PT to get new warning sirens

The Franklin County Commissioners have approved the purchase of six emergency warning sirens, five of which will be located throughout Pleasant Township with a sixth one to be placed in Madison Township.

“These will cover all of the populated areas,” said Pleasant Township Chairperson Keith Goldhardt at the Oct. 14 Pleasant Township trustee meeting. “There were a lot of dead spots where people couldn’t hear them, but you’ll probably be able to feel them when they do go off.”

The township currently has four emergency sirens and a tentative plan where they want the new sirens to be placed. Those locations are Kropp Road near Grove City Road; Opossum Run Road and Biggert Road; Riebel Road and Gardner Road; Timberlake; and Zuber Road.

“I wanted there to be one around Riebel Road…there is a lot of development going on in that area,” Goldhardt explained. “Lots of houses are being built there.”

Originally, the trustees had ordered two sirens for purchase in April through the Franklin County Emergency Management and Homeland Security Office at $18,000 per siren.

However, a month later the Franklin County Commissioners told the board they would purchase five sirens for the township and give them a three-year payback grace period.

The total cost of the six sirens (Madison Township included) will be $92,400.

Goldhardt said the warning sirens are slated to be installed in late December or early January.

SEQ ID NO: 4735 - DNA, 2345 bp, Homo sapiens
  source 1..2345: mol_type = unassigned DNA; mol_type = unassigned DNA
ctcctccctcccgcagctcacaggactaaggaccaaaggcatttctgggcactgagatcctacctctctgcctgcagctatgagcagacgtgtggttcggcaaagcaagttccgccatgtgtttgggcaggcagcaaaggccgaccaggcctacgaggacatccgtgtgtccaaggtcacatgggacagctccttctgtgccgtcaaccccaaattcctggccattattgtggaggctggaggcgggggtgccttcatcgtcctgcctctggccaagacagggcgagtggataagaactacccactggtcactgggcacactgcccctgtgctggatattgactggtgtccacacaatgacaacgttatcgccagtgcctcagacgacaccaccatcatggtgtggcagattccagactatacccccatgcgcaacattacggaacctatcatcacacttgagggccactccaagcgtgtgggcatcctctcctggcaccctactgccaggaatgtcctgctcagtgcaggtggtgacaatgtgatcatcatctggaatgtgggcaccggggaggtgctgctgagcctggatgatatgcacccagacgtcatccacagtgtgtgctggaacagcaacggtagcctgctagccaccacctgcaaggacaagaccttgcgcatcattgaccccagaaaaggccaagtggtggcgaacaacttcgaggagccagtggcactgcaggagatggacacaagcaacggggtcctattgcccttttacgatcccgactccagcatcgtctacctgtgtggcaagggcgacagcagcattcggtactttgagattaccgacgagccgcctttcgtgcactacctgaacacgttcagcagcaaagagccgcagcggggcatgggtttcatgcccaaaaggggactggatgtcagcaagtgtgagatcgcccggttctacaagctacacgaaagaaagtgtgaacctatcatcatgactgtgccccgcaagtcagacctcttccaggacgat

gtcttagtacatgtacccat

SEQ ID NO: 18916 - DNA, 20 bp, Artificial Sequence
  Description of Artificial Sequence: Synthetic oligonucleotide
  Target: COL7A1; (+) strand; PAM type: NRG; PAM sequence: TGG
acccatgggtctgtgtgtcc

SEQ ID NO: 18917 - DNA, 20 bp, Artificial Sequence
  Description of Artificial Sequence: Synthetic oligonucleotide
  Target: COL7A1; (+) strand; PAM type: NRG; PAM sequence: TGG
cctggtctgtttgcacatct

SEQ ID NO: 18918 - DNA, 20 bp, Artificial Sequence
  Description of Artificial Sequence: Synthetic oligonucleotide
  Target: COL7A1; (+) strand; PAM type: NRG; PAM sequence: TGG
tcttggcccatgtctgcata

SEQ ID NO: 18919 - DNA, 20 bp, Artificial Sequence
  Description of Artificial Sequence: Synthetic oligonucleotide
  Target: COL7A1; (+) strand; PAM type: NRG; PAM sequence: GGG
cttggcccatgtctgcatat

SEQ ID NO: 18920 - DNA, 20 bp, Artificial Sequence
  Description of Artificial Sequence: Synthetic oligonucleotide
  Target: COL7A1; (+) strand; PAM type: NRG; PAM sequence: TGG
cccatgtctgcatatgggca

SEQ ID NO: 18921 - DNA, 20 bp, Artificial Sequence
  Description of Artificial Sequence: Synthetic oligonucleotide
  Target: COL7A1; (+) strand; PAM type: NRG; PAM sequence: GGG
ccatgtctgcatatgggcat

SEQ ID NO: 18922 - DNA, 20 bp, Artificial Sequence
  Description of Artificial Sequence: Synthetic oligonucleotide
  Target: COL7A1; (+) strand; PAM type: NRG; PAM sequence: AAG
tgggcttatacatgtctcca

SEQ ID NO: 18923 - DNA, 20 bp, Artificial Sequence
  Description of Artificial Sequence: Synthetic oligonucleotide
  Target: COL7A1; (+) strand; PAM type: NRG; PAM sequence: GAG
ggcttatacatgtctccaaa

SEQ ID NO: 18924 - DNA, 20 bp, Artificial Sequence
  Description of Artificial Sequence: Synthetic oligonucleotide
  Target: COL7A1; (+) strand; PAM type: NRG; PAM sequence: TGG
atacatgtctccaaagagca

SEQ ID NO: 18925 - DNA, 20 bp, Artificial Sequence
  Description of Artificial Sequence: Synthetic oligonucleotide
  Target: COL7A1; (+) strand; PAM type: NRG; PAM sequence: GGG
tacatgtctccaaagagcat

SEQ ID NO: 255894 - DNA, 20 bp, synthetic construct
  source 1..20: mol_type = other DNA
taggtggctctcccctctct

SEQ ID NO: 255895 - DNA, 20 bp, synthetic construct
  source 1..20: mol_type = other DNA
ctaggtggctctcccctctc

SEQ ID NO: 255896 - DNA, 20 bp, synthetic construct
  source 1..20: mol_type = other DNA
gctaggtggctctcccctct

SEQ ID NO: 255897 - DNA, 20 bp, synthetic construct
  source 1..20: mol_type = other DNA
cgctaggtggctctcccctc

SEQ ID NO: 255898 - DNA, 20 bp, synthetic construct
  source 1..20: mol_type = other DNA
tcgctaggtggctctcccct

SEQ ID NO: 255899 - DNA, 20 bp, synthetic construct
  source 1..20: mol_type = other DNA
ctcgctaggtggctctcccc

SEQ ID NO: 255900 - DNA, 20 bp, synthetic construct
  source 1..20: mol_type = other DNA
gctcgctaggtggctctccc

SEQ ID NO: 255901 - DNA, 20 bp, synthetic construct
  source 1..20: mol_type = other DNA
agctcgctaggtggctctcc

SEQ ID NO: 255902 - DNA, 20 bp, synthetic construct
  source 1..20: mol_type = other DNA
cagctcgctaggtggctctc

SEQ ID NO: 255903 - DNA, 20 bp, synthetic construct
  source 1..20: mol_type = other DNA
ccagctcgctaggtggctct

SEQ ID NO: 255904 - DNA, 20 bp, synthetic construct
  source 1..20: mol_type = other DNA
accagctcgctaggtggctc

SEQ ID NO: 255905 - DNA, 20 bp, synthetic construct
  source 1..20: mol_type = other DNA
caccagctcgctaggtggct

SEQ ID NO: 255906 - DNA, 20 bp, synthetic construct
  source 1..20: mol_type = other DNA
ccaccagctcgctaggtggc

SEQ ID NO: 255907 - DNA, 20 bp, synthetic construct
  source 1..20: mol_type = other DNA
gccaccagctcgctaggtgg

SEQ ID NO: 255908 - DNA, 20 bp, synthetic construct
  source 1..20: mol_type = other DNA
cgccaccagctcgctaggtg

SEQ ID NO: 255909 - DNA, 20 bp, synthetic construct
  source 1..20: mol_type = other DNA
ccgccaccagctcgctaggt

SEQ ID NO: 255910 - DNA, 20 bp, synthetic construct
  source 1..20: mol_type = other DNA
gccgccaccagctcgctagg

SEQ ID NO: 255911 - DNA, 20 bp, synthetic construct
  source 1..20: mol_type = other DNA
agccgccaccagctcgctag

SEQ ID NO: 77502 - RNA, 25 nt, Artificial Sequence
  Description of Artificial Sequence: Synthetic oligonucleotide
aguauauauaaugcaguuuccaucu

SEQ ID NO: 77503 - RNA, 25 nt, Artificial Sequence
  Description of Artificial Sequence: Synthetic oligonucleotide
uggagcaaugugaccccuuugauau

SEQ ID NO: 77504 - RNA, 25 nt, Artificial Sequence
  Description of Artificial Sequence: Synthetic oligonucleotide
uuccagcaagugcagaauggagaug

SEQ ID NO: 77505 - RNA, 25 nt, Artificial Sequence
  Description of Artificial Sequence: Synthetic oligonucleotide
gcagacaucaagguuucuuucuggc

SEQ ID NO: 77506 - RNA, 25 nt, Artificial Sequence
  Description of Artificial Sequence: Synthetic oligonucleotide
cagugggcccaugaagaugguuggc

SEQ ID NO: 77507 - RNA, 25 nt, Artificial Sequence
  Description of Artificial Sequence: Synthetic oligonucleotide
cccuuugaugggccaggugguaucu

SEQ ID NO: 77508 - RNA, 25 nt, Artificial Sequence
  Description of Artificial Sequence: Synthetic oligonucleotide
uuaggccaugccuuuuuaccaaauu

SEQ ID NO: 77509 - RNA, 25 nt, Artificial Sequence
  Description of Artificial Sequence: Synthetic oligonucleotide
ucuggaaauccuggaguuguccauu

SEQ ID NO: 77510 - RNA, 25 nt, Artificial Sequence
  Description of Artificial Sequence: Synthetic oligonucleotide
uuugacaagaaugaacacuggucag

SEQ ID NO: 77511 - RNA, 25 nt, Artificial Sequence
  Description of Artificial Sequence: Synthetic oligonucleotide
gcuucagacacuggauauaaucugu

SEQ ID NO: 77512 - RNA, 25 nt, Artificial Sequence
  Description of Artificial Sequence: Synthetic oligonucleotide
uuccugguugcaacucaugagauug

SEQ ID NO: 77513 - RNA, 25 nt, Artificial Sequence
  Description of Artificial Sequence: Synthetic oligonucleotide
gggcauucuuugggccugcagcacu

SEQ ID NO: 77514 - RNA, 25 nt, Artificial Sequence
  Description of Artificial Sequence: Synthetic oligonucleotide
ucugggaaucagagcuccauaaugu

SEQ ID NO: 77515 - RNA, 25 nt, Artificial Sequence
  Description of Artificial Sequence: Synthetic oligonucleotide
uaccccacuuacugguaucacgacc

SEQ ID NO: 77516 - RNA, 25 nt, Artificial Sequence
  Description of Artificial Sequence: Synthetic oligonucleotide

“When these things go off, it will be like flipping a switch,” he said. “All of Pleasant Township will wake up.”

The sirens were purchased as part of the county administered Local Government Outdoor Warning Siren Assistance Program.

Other Pleasant Twp. news
• On Sept. 14, remnants from Hurricane Ike swept across the state, causing millions of dollars in damage which prompted Ohio Governor Ted Strickland to send a letter to President George W. Bush requesting federal aid to assist in the recovery and cleanup effort.

On Oct. 7, representatives with the U.S. Department of Homeland Security’s Federal Emergency Management Agency (FEMA) came to Ohio to discuss potential cost reimbursements for local government entities, townships included.

“Ours would be the lowest monies recouped,” said Pleasant Township Fire Chief Jay Noojin. “Most of the money would go toward the Road Department for their salaries and use of equipment.”

If FEMA decides the state to have been damaged enough by Hurricane Ike to be declared a disaster area, the township would receive approximately $10,000.

• Residents in Pleasant Township will soon see their trash bill going up. There will be an increase of 17 cents to the monthly bill from the Solid Waste Authority of Central Ohio (SWACO), which averages to $13.56 per month per household.

“This is just the regulatory cost of doing business,” said Trustee Dale Worthington. “There is nothing we can do about this, but it’s only 17 cents.”

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